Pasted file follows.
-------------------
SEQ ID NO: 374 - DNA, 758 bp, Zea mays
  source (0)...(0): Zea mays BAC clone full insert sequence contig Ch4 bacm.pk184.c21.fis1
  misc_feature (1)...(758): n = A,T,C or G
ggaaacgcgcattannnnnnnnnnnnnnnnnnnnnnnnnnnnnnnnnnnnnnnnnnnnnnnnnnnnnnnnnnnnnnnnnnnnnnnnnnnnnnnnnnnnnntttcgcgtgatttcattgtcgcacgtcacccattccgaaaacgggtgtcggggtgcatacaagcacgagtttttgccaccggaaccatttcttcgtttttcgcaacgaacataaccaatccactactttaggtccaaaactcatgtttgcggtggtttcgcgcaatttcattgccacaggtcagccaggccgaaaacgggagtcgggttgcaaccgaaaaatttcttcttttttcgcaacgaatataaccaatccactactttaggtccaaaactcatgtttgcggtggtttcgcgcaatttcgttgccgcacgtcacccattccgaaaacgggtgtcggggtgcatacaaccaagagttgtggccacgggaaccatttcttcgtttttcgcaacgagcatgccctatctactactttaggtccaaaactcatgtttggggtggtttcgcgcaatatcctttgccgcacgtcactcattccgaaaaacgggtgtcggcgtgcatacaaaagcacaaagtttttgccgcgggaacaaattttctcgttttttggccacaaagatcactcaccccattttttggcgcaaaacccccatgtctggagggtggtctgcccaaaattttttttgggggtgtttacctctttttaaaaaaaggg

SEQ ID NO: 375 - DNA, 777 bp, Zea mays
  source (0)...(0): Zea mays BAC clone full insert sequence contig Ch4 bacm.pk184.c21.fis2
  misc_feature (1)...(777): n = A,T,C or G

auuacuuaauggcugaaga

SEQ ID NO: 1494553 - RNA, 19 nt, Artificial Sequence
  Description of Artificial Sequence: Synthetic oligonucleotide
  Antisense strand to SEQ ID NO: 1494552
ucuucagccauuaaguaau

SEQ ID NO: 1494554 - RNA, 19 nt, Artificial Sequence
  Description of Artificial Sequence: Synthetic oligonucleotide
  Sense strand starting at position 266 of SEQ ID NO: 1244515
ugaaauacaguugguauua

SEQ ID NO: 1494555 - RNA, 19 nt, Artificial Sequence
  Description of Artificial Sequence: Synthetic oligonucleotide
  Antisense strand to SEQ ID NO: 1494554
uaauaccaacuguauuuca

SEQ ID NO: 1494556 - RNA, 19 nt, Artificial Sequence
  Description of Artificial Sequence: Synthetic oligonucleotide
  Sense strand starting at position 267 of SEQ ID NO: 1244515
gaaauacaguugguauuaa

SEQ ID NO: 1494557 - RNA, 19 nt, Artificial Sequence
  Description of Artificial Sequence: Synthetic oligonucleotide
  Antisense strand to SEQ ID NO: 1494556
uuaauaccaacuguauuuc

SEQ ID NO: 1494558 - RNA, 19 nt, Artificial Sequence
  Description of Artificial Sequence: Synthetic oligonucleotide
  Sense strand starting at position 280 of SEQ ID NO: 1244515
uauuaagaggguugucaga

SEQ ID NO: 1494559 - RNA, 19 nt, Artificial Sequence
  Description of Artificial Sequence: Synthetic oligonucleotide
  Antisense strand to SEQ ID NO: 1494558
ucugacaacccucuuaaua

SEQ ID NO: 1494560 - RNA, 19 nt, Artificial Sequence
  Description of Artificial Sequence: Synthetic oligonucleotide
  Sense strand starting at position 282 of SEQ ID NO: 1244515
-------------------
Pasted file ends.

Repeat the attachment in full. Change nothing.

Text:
SEQ ID NO: 374 - DNA, 758 bp, Zea mays
  source (0)...(0): Zea mays BAC clone full insert sequence contig Ch4 bacm.pk184.c21.fis1
  misc_feature (1)...(758): n = A,T,C or G
ggaaacgcgcattannnnnnnnnnnnnnnnnnnnnnnnnnnnnnnnnnnnnnnnnnnnnnnnnnnnnnnnnnnnnnnnnnnnnnnnnnnnnnnnnnnnnntttcgcgtgatttcattgtcgcacgtcacccattccgaaaacgggtgtcggggtgcatacaagcacgagtttttgccaccggaaccatttcttcgtttttcgcaacgaacataaccaatccactactttaggtccaaaactcatgtttgcggtggtttcgcgcaatttcattgccacaggtcagccaggccgaaaacgggagtcgggttgcaaccgaaaaatttcttcttttttcgcaacgaatataaccaatccactactttaggtccaaaactcatgtttgcggtggtttcgcgcaatttcgttgccgcacgtcacccattccgaaaacgggtgtcggggtgcatacaaccaagagttgtggccacgggaaccatttcttcgtttttcgcaacgagcatgccctatctactactttaggtccaaaactcatgtttggggtggtttcgcgcaatatcctttgccgcacgtcactcattccgaaaaacgggtgtcggcgtgcatacaaaagcacaaagtttttgccgcgggaacaaattttctcgttttttggccacaaagatcactcaccccattttttggcgcaaaacccccatgtctggagggtggtctgcccaaaattttttttgggggtgtttacctctttttaaaaaaaggg

SEQ ID NO: 375 - DNA, 777 bp, Zea mays
  source (0)...(0): Zea mays BAC clone full insert sequence contig Ch4 bacm.pk184.c21.fis2
  misc_feature (1)...(777): n = A,T,C or G

auuacuuaauggcugaaga

SEQ ID NO: 1494553 - RNA, 19 nt, Artificial Sequence
  Description of Artificial Sequence: Synthetic oligonucleotide
  Antisense strand to SEQ ID NO: 1494552
ucuucagccauuaaguaau

SEQ ID NO: 1494554 - RNA, 19 nt, Artificial Sequence
  Description of Artificial Sequence: Synthetic oligonucleotide
  Sense strand starting at position 266 of SEQ ID NO: 1244515
ugaaauacaguugguauua

SEQ ID NO: 1494555 - RNA, 19 nt, Artificial Sequence
  Description of Artificial Sequence: Synthetic oligonucleotide
  Antisense strand to SEQ ID NO: 1494554
uaauaccaacuguauuuca

SEQ ID NO: 1494556 - RNA, 19 nt, Artificial Sequence
  Description of Artificial Sequence: Synthetic oligonucleotide
  Sense strand starting at position 267 of SEQ ID NO: 1244515
gaaauacaguugguauuaa

SEQ ID NO: 1494557 - RNA, 19 nt, Artificial Sequence
  Description of Artificial Sequence: Synthetic oligonucleotide
  Antisense strand to SEQ ID NO: 1494556
uuaauaccaacuguauuuc

SEQ ID NO: 1494558 - RNA, 19 nt, Artificial Sequence
  Description of Artificial Sequence: Synthetic oligonucleotide
  Sense strand starting at position 280 of SEQ ID NO: 1244515
uauuaagaggguugucaga

SEQ ID NO: 1494559 - RNA, 19 nt, Artificial Sequence
  Description of Artificial Sequence: Synthetic oligonucleotide
  Antisense strand to SEQ ID NO: 1494558
ucugacaacccucuuaaua

SEQ ID NO: 1494560 - RNA, 19 nt, Artificial Sequence
  Description of Artificial Sequence: Synthetic oligonucleotide
  Sense strand starting at position 282 of SEQ ID NO: 1244515